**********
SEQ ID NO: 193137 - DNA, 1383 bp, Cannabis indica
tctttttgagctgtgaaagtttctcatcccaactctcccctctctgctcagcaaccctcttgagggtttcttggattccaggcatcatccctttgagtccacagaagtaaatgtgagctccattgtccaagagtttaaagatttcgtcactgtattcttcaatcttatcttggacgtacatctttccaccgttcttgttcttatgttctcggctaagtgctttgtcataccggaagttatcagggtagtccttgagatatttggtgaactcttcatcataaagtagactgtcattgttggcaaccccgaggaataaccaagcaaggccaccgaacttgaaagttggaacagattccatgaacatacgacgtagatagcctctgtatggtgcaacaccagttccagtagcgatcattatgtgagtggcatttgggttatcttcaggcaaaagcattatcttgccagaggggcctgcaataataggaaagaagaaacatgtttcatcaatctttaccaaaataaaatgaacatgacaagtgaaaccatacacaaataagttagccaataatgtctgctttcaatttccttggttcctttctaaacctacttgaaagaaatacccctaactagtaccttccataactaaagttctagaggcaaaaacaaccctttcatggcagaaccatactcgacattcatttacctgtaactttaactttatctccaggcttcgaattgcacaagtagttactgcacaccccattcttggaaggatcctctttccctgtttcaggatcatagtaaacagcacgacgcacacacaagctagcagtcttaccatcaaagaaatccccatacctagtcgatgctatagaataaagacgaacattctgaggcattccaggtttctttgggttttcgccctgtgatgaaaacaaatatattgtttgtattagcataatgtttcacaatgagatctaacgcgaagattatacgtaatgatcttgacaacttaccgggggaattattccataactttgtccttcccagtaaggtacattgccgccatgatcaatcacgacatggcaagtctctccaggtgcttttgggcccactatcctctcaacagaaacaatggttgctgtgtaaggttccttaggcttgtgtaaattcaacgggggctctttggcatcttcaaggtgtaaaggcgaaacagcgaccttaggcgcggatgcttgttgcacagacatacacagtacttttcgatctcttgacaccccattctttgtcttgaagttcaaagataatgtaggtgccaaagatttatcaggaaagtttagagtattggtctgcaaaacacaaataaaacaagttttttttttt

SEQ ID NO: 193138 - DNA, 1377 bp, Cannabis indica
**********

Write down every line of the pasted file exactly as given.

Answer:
SEQ ID NO: 193137 - DNA, 1383 bp, Cannabis indica
tctttttgagctgtgaaagtttctcatcccaactctcccctctctgctcagcaaccctcttgagggtttcttggattccaggcatcatccctttgagtccacagaagtaaatgtgagctccattgtccaagagtttaaagatttcgtcactgtattcttcaatcttatcttggacgtacatctttccaccgttcttgttcttatgttctcggctaagtgctttgtcataccggaagttatcagggtagtccttgagatatttggtgaactcttcatcataaagtagactgtcattgttggcaaccccgaggaataaccaagcaaggccaccgaacttgaaagttggaacagattccatgaacatacgacgtagatagcctctgtatggtgcaacaccagttccagtagcgatcattatgtgagtggcatttgggttatcttcaggcaaaagcattatcttgccagaggggcctgcaataataggaaagaagaaacatgtttcatcaatctttaccaaaataaaatgaacatgacaagtgaaaccatacacaaataagttagccaataatgtctgctttcaatttccttggttcctttctaaacctacttgaaagaaatacccctaactagtaccttccataactaaagttctagaggcaaaaacaaccctttcatggcagaaccatactcgacattcatttacctgtaactttaactttatctccaggcttcgaattgcacaagtagttactgcacaccccattcttggaaggatcctctttccctgtttcaggatcatagtaaacagcacgacgcacacacaagctagcagtcttaccatcaaagaaatccccatacctagtcgatgctatagaataaagacgaacattctgaggcattccaggtttctttgggttttcgccctgtgatgaaaacaaatatattgtttgtattagcataatgtttcacaatgagatctaacgcgaagattatacgtaatgatcttgacaacttaccgggggaattattccataactttgtccttcccagtaaggtacattgccgccatgatcaatcacgacatggcaagtctctccaggtgcttttgggcccactatcctctcaacagaaacaatggttgctgtgtaaggttccttaggcttgtgtaaattcaacgggggctctttggcatcttcaaggtgtaaaggcgaaacagcgaccttaggcgcggatgcttgttgcacagacatacacagtacttttcgatctcttgacaccccattctttgtcttgaagttcaaagataatgtaggtgccaaagatttatcaggaaagtttagagtattggtctgcaaaacacaaataaaacaagttttttttttt

SEQ ID NO: 193138 - DNA, 1377 bp, Cannabis indica